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Thursday, 30 September 1999
Page: 9233

Senator FERRIS (10:51 AM) —This legislation has been attacked this morning in this chamber as an inappropriate attempt to censor the Internet. This is grossly misleading. We are simply recognising that service providers have a responsibility to remove illegal or highly offensive material once they are made aware of its existence. That is a very important part of this legislation. The Internet service providers are not currently required to monitor or classify the content accessed through or hosted on their sites.

I have been listening with some interest this morning to the quotes from Professor Nadine Strossen, who visited Australia a couple of months ago. I am curious as to why she would come to Australia at that time to call for the repeal of our legislation. I was reassured this morning to hear Senator Stott Despoja say that she simply wants to go back to the drawing board and does not want this legislation repealed as in fact the original motion called for in this chamber earlier this month.

The government's approach, our approach, goes out of its way not to be a regulatory burden on industry but endeavours to protect the community from child pornography, sexual violence and depravity, not to mention incitements to racial hatred, shoplifting and many other very unpleasant criminal activities. I was also pleased to hear Senator Bishop say this morning that he also recognises the principle that we do need to take a responsible attitude towards our children and our communities.

Professor Strossen was quoted in the Financial Review on 22 August as saying that the legislation is `an open-ended licence for whoever's enforcing the law to inject their values into it'. I say to Professor Strossen that she should go back to the United States and take a very hard look at the values that are pervading her country. She should take account of her President's advice and start to work to return values—his words, not mine—to young people in school communities. This may be difficult for Professor Strossen, considering that her most well-known academic work is a book entitled Defending Pornography: Free Speech, Sex and the Fight for Women's Rights. This is not, I would suggest to the Senate, something supported by Vice-President Gore, who this morning is quoted as saying at a very large conference being held currently in Vienna that more responsibility should be taken by Internet providers themselves and:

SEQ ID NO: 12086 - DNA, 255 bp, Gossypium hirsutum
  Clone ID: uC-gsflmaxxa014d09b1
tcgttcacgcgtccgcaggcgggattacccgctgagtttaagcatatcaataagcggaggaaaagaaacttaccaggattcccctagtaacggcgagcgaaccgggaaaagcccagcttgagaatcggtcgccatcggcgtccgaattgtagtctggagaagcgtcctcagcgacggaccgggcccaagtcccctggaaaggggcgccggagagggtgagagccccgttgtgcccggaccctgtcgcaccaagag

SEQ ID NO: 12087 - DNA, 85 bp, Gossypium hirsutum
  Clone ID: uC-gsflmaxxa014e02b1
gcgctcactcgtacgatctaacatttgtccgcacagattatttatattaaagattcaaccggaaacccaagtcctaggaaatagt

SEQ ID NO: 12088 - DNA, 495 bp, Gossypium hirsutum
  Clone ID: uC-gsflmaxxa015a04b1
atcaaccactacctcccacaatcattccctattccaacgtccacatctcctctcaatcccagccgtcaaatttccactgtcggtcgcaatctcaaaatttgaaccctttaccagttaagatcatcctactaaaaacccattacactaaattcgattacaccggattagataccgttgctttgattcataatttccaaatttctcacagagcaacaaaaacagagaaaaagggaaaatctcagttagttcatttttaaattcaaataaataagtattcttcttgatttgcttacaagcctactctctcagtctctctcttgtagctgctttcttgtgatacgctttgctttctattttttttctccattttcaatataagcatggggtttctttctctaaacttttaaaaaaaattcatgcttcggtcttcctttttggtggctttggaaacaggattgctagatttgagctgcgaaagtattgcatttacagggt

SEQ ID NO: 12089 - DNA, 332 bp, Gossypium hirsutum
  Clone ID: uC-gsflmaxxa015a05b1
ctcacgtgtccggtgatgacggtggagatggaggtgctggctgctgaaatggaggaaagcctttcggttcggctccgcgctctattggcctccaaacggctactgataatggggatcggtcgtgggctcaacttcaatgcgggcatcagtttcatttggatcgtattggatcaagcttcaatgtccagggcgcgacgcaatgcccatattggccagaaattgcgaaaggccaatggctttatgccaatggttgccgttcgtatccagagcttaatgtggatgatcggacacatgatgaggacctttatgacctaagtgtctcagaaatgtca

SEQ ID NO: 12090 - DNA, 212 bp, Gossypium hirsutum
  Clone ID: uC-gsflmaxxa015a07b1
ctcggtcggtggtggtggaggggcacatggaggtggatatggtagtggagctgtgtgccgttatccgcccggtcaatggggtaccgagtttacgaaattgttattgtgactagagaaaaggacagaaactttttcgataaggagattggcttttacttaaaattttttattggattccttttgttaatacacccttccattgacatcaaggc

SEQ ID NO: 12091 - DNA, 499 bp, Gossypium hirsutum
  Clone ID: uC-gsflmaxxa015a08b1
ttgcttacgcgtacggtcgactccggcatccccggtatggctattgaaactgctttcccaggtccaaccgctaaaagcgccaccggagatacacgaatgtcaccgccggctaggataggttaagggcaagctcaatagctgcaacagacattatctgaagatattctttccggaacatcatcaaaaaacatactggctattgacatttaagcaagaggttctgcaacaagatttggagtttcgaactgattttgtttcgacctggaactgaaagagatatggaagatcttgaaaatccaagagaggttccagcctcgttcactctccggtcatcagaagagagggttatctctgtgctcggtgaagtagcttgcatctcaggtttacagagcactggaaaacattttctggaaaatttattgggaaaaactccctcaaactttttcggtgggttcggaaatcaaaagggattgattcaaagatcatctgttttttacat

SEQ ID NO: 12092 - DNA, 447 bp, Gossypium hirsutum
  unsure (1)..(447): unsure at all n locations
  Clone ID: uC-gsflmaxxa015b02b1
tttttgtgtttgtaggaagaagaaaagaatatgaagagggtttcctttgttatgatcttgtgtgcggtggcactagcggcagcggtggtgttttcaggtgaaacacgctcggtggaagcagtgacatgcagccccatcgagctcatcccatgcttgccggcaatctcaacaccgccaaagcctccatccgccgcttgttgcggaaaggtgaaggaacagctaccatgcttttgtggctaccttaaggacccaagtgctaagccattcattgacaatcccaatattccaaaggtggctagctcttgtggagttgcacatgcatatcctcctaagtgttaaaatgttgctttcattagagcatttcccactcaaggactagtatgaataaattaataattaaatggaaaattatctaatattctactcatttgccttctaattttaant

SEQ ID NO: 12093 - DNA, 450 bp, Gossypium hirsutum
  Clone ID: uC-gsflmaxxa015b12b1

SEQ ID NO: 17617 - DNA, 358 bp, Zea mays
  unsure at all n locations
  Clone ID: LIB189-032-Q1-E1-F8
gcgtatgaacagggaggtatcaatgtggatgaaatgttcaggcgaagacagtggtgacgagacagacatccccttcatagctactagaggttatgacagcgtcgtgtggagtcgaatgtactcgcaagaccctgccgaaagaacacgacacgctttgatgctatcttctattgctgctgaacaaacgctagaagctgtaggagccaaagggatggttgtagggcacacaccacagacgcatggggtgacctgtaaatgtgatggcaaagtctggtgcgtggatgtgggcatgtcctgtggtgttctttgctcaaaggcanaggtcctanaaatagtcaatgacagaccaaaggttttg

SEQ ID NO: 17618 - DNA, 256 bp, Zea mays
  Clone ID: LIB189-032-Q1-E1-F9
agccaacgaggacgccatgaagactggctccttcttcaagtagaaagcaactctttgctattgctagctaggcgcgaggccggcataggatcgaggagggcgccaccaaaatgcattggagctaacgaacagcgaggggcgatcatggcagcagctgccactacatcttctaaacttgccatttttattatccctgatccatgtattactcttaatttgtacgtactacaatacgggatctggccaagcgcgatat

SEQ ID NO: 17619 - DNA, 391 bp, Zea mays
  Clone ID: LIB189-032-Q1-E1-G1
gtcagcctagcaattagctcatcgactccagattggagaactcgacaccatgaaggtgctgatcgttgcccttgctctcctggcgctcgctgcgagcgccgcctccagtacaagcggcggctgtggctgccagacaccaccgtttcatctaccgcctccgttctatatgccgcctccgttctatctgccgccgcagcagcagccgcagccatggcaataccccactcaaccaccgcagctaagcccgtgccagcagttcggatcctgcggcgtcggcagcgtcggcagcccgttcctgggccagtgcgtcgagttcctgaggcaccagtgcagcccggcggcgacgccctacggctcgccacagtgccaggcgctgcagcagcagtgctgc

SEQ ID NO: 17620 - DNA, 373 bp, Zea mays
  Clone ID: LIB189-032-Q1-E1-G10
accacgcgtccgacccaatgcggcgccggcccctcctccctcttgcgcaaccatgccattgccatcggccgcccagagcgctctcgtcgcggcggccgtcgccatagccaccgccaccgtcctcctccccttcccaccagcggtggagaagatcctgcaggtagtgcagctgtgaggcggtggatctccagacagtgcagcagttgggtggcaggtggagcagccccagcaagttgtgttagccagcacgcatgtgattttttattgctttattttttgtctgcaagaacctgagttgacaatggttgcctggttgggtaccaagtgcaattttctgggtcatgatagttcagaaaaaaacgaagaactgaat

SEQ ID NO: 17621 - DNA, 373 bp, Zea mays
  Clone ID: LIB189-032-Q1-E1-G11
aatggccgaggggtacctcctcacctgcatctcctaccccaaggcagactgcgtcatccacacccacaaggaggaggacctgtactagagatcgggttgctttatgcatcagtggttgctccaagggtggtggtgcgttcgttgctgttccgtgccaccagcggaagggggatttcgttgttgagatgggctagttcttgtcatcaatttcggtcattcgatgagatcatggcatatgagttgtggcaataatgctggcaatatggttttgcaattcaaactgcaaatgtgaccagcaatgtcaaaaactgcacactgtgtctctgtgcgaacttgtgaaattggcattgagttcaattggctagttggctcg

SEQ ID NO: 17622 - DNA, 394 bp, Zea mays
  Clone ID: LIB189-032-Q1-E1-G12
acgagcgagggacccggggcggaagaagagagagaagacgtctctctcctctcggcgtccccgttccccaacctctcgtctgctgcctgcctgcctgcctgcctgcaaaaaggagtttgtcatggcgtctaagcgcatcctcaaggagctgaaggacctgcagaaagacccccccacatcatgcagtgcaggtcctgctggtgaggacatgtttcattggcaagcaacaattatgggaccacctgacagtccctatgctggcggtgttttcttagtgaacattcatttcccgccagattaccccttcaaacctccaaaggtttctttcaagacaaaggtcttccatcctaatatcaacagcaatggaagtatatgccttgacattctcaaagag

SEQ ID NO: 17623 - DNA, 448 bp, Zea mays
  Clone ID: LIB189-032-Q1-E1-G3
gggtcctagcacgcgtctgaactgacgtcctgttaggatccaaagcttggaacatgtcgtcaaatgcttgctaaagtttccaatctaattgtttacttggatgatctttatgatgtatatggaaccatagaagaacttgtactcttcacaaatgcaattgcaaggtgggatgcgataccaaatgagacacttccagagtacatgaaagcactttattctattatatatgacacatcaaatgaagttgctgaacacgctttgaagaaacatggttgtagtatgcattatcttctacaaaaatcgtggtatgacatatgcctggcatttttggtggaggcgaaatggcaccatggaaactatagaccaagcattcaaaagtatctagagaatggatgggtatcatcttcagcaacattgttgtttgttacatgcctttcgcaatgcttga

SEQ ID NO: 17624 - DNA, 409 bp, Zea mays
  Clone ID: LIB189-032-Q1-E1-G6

We must encourage the Internet providers to elaborate self-regulating measures.

Mr Gore called for more responsibility to be taken by ISPs. He said:

The Internet is fast becoming the most significant factor in the sexual abuse of children and the principal means to exchange child pornography.

An AAP article this morning states:

Child pornography on the Internet is rapidly becoming the key factor fuelling child sex abuse . . .

I am very pleased and very reassured to hear Senator Bishop and also Senator Stott Despoja recognising that we do have a very serious responsibility in this regard. The article further states:

European authorities are clamping down significantly on Internet porn.

And it goes on to talk about how in fact they are doing that.

We are actually a world leader here, in a very positive sense, not in a negative sense, as has been suggested by some people this morning. We are painfully aware of how young people's exposure in parts of the United States—Professor Strossen's home country—to highly offensive material on the Internet has led to definable tragedy. Both Eric Harris and Dylan Klebold who, sadly, killed some of their fellow students at Columbine High in Colorado had very extensive web sites and were known as competent Internet users. I believe the parents of at least one of those boys had absolutely no idea of what was actually going on in their own home, reflecting a problem that, I think, many families have.